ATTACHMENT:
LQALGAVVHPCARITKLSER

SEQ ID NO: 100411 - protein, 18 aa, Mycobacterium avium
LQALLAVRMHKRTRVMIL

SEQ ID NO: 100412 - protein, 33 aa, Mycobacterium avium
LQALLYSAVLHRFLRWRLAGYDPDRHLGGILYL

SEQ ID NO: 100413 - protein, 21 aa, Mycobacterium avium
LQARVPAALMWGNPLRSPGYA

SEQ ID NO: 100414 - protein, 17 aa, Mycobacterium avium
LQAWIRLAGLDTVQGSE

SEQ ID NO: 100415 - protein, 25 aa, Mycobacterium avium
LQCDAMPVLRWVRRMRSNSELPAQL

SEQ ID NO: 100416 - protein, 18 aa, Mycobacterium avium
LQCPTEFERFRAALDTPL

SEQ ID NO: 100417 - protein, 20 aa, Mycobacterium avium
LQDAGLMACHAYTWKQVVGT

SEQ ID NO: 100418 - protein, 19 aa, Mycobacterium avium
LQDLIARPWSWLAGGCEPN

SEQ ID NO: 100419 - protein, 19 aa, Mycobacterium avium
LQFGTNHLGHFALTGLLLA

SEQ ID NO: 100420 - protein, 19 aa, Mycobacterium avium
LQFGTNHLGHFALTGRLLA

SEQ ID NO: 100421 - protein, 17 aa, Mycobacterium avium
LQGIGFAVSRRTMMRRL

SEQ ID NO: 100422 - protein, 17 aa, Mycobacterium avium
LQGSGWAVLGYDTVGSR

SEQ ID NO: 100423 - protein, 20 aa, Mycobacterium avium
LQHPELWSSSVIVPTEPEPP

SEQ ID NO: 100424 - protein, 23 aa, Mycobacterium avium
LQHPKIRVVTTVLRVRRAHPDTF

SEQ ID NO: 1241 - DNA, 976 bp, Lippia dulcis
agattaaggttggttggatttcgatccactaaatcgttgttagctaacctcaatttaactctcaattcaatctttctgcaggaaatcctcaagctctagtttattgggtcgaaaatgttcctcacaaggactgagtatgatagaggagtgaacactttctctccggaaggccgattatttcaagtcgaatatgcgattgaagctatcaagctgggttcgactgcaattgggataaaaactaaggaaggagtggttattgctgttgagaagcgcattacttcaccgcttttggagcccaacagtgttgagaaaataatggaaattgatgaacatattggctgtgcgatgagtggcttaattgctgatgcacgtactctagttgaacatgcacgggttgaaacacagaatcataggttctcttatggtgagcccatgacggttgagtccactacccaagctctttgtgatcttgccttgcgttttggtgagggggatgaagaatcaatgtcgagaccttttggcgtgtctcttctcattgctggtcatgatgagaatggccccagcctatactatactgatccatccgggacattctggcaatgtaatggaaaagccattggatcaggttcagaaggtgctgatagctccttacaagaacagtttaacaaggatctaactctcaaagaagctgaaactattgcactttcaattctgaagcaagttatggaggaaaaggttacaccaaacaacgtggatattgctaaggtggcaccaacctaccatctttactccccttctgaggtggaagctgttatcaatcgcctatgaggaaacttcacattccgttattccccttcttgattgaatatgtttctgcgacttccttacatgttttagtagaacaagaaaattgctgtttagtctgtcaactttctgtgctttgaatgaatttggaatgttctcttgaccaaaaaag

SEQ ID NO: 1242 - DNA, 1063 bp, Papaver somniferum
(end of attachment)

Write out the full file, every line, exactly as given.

LQALGAVVHPCARITKLSER

SEQ ID NO: 100411 - protein, 18 aa, Mycobacterium avium
LQALLAVRMHKRTRVMIL

SEQ ID NO: 100412 - protein, 33 aa, Mycobacterium avium
LQALLYSAVLHRFLRWRLAGYDPDRHLGGILYL

SEQ ID NO: 100413 - protein, 21 aa, Mycobacterium avium
LQARVPAALMWGNPLRSPGYA

SEQ ID NO: 100414 - protein, 17 aa, Mycobacterium avium
LQAWIRLAGLDTVQGSE

SEQ ID NO: 100415 - protein, 25 aa, Mycobacterium avium
LQCDAMPVLRWVRRMRSNSELPAQL

SEQ ID NO: 100416 - protein, 18 aa, Mycobacterium avium
LQCPTEFERFRAALDTPL

SEQ ID NO: 100417 - protein, 20 aa, Mycobacterium avium
LQDAGLMACHAYTWKQVVGT

SEQ ID NO: 100418 - protein, 19 aa, Mycobacterium avium
LQDLIARPWSWLAGGCEPN

SEQ ID NO: 100419 - protein, 19 aa, Mycobacterium avium
LQFGTNHLGHFALTGLLLA

SEQ ID NO: 100420 - protein, 19 aa, Mycobacterium avium
LQFGTNHLGHFALTGRLLA

SEQ ID NO: 100421 - protein, 17 aa, Mycobacterium avium
LQGIGFAVSRRTMMRRL

SEQ ID NO: 100422 - protein, 17 aa, Mycobacterium avium
LQGSGWAVLGYDTVGSR

SEQ ID NO: 100423 - protein, 20 aa, Mycobacterium avium
LQHPELWSSSVIVPTEPEPP

SEQ ID NO: 100424 - protein, 23 aa, Mycobacterium avium
LQHPKIRVVTTVLRVRRAHPDTF

SEQ ID NO: 1241 - DNA, 976 bp, Lippia dulcis
agattaaggttggttggatttcgatccactaaatcgttgttagctaacctcaatttaactctcaattcaatctttctgcaggaaatcctcaagctctagtttattgggtcgaaaatgttcctcacaaggactgagtatgatagaggagtgaacactttctctccggaaggccgattatttcaagtcgaatatgcgattgaagctatcaagctgggttcgactgcaattgggataaaaactaaggaaggagtggttattgctgttgagaagcgcattacttcaccgcttttggagcccaacagtgttgagaaaataatggaaattgatgaacatattggctgtgcgatgagtggcttaattgctgatgcacgtactctagttgaacatgcacgggttgaaacacagaatcataggttctcttatggtgagcccatgacggttgagtccactacccaagctctttgtgatcttgccttgcgttttggtgagggggatgaagaatcaatgtcgagaccttttggcgtgtctcttctcattgctggtcatgatgagaatggccccagcctatactatactgatccatccgggacattctggcaatgtaatggaaaagccattggatcaggttcagaaggtgctgatagctccttacaagaacagtttaacaaggatctaactctcaaagaagctgaaactattgcactttcaattctgaagcaagttatggaggaaaaggttacaccaaacaacgtggatattgctaaggtggcaccaacctaccatctttactccccttctgaggtggaagctgttatcaatcgcctatgaggaaacttcacattccgttattccccttcttgattgaatatgtttctgcgacttccttacatgttttagtagaacaagaaaattgctgtttagtctgtcaactttctgtgctttgaatgaatttggaatgttctcttgaccaaaaaag

SEQ ID NO: 1242 - DNA, 1063 bp, Papaver somniferum